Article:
Psychologists have exploited computers as metaphors for the human brain ever since their invention. Concepts like “short term memory” and “long term memory” as functional cognitive units that pass information from one to another owe their provenance to computer metaphors.
These metaphors, however, are based on particular technical instantiations of computing; there are unimaginably many ways to instantiate computers as technological objects, including in DNA, slime, and liquid crystal. Even the cloud based systems powering technology experiences today are radically different from the self-contained computing units that spawned the computer-based metaphors at the heart of cognitive psychology. For example, web-pages hardly ever exist on a single server anymore. When called they are constructed on-the-fly from databases and servers with the illusion of being a unitary object. This very webpage was constructed with 93 calls to four domains; each of those calls would have been served by a server accessing multiple databases in order to fulfill the request. A simple blog page is constructed on-the-fly by literally hundreds of processes hosted on multiple servers.
The information-processing metaphor of the human brain is based on the standalone serial computer; and in practice those barely exist anymore. New forms of computing, like “cloud-computing”, radically disrupt these metaphors.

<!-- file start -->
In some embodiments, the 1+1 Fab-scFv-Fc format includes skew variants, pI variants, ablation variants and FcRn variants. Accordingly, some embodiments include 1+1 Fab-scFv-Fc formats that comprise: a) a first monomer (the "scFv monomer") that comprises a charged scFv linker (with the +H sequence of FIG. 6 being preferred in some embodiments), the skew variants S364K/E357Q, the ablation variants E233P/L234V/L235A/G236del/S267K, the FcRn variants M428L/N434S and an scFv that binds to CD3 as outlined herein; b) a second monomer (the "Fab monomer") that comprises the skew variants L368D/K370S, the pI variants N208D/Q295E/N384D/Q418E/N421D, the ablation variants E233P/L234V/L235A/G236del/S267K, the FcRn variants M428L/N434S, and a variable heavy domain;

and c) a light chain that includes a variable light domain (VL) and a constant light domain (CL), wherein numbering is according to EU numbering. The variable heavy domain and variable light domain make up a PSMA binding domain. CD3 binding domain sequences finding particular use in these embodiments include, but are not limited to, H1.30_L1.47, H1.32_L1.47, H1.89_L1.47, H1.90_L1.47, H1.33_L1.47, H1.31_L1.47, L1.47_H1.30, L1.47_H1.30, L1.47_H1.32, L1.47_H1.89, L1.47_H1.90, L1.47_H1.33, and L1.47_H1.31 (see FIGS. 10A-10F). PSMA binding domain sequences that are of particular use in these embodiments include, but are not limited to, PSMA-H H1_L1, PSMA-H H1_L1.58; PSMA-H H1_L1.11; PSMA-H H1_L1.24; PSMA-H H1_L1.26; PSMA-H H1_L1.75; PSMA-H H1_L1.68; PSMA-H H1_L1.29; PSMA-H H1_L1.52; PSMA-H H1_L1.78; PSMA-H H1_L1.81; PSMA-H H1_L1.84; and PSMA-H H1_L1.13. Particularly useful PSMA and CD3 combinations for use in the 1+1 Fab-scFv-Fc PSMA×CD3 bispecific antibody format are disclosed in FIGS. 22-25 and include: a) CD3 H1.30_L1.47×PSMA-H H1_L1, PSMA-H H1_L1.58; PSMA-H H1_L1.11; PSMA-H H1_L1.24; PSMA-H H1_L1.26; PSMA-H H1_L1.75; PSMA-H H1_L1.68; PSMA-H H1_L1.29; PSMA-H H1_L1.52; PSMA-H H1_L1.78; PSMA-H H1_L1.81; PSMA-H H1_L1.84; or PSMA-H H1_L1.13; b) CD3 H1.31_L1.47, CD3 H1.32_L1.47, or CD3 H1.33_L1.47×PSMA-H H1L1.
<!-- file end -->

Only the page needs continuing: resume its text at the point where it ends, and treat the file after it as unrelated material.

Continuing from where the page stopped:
pingfs (ping file system) is a file storage system that stores data in the internet itself, as packets bouncing between routers in a network. As a packet is received it is bounced back as a new packet. No local storage exists beyond that required to read the message, bounce it and instantaneously delete the local copy. The data is “stored” primarily between nodes, not within them; like storing tennis balls by juggling them.
This seems like a far better metaphor for memory than the “short term memory”[RAM]/”long term memory”[Hard-drive] distinction. It captures the social nature of memory, and how individuals primarily remember things they are reminded of.
But as a metaphor for social life and memory it could be improved. What if nodes in the network selectively bounced packets based on agreement and disagreement? What if packets were subtly changed each time they bounced? This would start to approximate a metaphor for culture, and capture how information is simultaneously transmitted and stored; that the act of transmission is also a mechanism of storage.
This metaphor starts to capture some of the magic of cultural memory; moving the locus of action from the inside of individual brains to the spaces between people, as post-structural theorists have long suggested. Culture, according to this metaphor, is produced and maintained by the constant flurry of interaction between its members. It is what happens between people, not within people, that creates memory. Obviously, this is only possible if the people have the capacity to “bounce packets” of information in appropriate ways, but it is a metaphor that highlights that meaning and memory cannot be made alone.